|Re: 040229 Re: 040228 Re: 040228 Any way to " CORRECT " the HP48GX Time module internal clock ?|
Message #7 Posted by James M. Prange on 1 Mar 2004, 9:03 a.m.,
in response to message #6 by Antoine M. CouŽtte
Regarding the 040228 and 040229, now I see. I often use a year-month-day
format. It makes sorting by date much simpler, and, in my opinion, makes
more sense given our usual most significant digit at the left notation.
But I always use the full 4-digit year when doing this; 2004-03-01 or
20040301 for today for example. If I wrote 04-03-01, most people around
here (quite possibly including myself) would think that I meant "April
3rd, 2001", and I suppose that Europeans might think that I meant "the
4th of March, 2001". But if 040301 works for you, that's fine with me.
Regarding the 41C series accuracy factor, first off, I've never had a
41C series, so I'm just going by what's in the manual. My understanding
is that using it causes the calculator to periodically adjust the clock
by its smallest increment. And yes, I gather without using an alarm or
in any way bothering the user, save to set/adjust the accuracy factor.
The 48 and 49 series evidently weren't designed to be precision
timepieces; I have weight-driven and spring-driven mechanical clocks
that (as adjusted) are more accurate.
Using a control alarm to adjust the time on the 48 and 49 series is
certainly less than ideal, especially if a control alarm comes due while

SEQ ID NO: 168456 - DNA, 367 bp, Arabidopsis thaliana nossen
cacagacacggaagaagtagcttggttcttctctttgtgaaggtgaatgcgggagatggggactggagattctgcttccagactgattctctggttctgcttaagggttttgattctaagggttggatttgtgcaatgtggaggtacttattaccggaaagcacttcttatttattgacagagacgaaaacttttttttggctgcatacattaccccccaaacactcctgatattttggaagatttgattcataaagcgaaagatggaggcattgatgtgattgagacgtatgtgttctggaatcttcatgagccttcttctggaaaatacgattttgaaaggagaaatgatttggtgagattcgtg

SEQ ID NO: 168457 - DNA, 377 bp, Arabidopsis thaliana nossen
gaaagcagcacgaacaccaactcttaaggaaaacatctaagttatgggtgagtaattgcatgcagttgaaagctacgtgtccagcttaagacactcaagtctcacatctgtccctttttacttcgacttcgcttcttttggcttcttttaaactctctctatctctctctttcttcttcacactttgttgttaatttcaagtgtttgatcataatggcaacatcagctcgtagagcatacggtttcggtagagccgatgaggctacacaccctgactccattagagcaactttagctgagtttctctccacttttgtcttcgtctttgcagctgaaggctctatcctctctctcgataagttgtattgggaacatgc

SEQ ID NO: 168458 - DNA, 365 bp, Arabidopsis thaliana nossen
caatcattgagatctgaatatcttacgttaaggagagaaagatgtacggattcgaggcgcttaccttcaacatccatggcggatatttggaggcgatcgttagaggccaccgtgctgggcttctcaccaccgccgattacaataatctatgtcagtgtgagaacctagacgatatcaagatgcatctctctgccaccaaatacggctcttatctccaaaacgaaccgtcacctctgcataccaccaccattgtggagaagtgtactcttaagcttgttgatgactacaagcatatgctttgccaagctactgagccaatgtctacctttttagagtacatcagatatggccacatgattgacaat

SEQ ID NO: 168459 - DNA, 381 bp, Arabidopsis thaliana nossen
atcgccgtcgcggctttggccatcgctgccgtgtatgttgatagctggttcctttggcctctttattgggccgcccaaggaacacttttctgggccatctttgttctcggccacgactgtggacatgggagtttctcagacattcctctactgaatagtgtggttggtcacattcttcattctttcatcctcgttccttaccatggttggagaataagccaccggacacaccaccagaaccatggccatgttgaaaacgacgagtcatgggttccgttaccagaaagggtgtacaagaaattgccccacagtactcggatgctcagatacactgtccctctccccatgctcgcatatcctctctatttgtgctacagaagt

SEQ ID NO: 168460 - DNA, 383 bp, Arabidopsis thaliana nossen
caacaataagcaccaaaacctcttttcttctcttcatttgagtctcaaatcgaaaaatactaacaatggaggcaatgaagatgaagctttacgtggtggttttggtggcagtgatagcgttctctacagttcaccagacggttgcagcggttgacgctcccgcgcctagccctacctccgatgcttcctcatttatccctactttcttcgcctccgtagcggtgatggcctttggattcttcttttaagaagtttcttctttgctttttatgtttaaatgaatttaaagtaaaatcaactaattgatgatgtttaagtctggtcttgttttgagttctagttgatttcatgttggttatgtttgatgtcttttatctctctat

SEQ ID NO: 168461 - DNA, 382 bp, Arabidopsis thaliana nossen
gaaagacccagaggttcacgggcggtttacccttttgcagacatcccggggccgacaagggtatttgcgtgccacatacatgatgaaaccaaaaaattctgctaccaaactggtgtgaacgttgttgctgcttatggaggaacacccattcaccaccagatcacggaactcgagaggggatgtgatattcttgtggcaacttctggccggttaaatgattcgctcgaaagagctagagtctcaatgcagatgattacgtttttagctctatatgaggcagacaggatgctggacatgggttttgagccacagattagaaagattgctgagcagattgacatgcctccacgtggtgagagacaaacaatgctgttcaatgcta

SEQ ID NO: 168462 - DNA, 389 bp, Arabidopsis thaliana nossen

you're trying to use the calculator. For example, if the command line
editor is active, then the control alarm will abort it. To be sure, the
command line will be saved (assuming that last command lines saves
aren't disabled), so you can use the last command lines operation to get
back to what you were trying to do, but it's still rather disruptive.
I wonder whether it's possible to periodically adjust the time without
using control alarms on the 48/49 series. Perhaps for someone skilled in
assembler language programming?
What would really be ideal would be a way to adjust the oscillator
frequency. But these calculators weren't designed to be opened, and I
don't know that the electronics design is available to the general
Of course, additional niceties such as a temperature compensated
oscillator would be even better, but perhaps not appropriate for a
calculator. After all, a calculator isn't (so far, at least) intended to
be a chronometer. An oscillator is essential for the digital logic, and
a display is needed for the calculator, and having them available as the
basis of the time and date capabilities is a nice bonus.
If I recall correctly, for the HP CLK application, the user sets the
amount of the correction, and the application calculates how often to
make this fixed correction, with the option to suspend the corrections
and have any accumulated "past-due" corrections made after they're
With the TIMEKEEP application, the user can easily modify the schedule
(if any) of when to make the correction, and/or tell it to make the
correction now, and the application calculates how much of a correction
is needed as part of the correction process.
It's been a while since I've used either of these, but I prefer
I suppose that CLK could be set up to make very small adjustments, but
that would increase the frequency of the control alarms, so I don't
think that I'd be happy with that.
It occurs to me that Wolfgang (see
http://page.mi.fu-berlin.de/~raut/) has some nice time and date
applications, but I don't think that any of his 48 series applications
include an automatic clock correction feature, although I know that at
least one of his 49 series applications does.